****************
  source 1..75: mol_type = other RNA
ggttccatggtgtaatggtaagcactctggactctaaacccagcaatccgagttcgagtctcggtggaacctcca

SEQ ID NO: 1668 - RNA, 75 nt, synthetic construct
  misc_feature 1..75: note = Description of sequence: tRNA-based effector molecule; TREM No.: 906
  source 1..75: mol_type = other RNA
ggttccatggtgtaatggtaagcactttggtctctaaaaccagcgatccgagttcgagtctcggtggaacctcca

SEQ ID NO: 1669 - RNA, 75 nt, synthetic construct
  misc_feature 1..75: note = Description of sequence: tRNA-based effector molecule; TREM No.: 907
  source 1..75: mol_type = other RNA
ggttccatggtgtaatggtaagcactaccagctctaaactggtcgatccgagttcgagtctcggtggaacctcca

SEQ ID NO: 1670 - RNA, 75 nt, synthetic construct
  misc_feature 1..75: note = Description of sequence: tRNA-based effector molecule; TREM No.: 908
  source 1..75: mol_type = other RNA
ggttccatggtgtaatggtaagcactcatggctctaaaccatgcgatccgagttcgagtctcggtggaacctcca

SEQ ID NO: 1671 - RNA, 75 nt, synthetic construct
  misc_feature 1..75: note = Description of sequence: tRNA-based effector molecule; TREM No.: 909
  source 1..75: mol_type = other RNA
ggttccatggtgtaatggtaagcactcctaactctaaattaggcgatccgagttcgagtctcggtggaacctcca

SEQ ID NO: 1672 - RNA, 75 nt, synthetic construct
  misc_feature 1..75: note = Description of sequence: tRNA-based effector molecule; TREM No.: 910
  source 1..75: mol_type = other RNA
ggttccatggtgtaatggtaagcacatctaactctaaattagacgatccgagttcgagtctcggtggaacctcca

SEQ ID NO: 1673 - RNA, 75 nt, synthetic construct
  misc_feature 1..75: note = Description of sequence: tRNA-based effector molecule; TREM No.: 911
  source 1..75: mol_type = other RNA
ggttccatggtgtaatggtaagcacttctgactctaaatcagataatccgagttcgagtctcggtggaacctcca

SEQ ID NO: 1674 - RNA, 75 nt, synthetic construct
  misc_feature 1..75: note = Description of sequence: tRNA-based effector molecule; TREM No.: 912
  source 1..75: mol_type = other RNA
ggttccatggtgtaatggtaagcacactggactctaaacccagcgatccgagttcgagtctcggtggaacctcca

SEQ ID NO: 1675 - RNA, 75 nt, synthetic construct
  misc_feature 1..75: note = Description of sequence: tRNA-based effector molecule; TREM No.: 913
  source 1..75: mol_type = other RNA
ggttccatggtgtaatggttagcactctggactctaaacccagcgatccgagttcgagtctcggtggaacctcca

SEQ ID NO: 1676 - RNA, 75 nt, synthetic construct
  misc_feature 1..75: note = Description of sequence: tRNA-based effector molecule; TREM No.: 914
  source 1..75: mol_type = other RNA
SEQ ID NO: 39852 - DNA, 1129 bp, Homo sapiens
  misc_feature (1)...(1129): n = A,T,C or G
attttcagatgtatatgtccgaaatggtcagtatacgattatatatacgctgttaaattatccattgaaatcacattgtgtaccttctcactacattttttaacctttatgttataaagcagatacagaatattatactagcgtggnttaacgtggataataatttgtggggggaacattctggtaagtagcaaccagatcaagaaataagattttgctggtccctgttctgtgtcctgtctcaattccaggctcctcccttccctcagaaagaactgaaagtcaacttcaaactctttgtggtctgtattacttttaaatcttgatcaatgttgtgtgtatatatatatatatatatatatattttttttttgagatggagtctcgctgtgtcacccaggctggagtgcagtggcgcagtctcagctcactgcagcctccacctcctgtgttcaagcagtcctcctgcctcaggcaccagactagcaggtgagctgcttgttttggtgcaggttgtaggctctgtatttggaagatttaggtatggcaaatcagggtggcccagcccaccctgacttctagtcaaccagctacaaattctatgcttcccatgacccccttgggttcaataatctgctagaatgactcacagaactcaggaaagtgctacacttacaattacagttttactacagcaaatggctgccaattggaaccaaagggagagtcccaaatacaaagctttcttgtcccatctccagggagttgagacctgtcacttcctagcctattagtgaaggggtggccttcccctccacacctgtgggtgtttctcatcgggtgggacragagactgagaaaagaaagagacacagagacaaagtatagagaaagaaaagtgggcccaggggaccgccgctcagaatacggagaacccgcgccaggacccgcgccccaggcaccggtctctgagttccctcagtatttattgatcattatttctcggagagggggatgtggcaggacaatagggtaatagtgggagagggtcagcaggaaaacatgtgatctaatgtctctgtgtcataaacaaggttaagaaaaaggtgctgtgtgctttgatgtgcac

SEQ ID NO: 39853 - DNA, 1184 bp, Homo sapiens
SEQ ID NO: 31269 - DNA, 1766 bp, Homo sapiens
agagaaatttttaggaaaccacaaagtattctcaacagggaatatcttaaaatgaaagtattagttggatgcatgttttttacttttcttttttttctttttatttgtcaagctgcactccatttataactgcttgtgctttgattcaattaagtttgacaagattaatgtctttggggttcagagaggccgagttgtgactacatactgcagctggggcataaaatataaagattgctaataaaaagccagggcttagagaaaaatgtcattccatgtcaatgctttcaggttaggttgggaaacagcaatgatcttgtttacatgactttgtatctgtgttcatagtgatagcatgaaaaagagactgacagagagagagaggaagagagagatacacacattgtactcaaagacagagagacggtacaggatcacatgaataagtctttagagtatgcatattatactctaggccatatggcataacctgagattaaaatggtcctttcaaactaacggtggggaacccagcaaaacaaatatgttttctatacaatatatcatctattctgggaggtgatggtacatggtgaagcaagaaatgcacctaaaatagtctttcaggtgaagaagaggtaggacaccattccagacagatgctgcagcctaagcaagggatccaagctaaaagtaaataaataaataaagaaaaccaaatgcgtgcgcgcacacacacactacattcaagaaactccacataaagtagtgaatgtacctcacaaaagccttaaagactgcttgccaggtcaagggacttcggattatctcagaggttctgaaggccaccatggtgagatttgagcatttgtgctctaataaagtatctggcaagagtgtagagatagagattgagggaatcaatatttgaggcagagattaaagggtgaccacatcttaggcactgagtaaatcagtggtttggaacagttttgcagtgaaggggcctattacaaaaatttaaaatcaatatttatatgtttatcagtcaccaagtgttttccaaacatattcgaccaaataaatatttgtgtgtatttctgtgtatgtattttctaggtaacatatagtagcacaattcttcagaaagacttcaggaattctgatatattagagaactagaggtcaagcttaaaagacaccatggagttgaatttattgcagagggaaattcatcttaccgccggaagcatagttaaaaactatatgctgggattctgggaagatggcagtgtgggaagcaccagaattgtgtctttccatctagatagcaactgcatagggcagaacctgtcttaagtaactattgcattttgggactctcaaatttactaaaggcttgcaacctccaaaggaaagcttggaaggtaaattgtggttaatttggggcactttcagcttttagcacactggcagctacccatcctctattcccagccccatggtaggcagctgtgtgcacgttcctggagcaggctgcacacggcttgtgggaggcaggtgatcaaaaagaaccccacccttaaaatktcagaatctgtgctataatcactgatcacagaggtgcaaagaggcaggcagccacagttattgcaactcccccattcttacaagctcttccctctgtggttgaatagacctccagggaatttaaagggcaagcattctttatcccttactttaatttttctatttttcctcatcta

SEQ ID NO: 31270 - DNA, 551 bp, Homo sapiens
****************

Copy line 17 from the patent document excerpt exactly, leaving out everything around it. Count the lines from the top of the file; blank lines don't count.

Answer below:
  source 1..75: mol_type = other RNA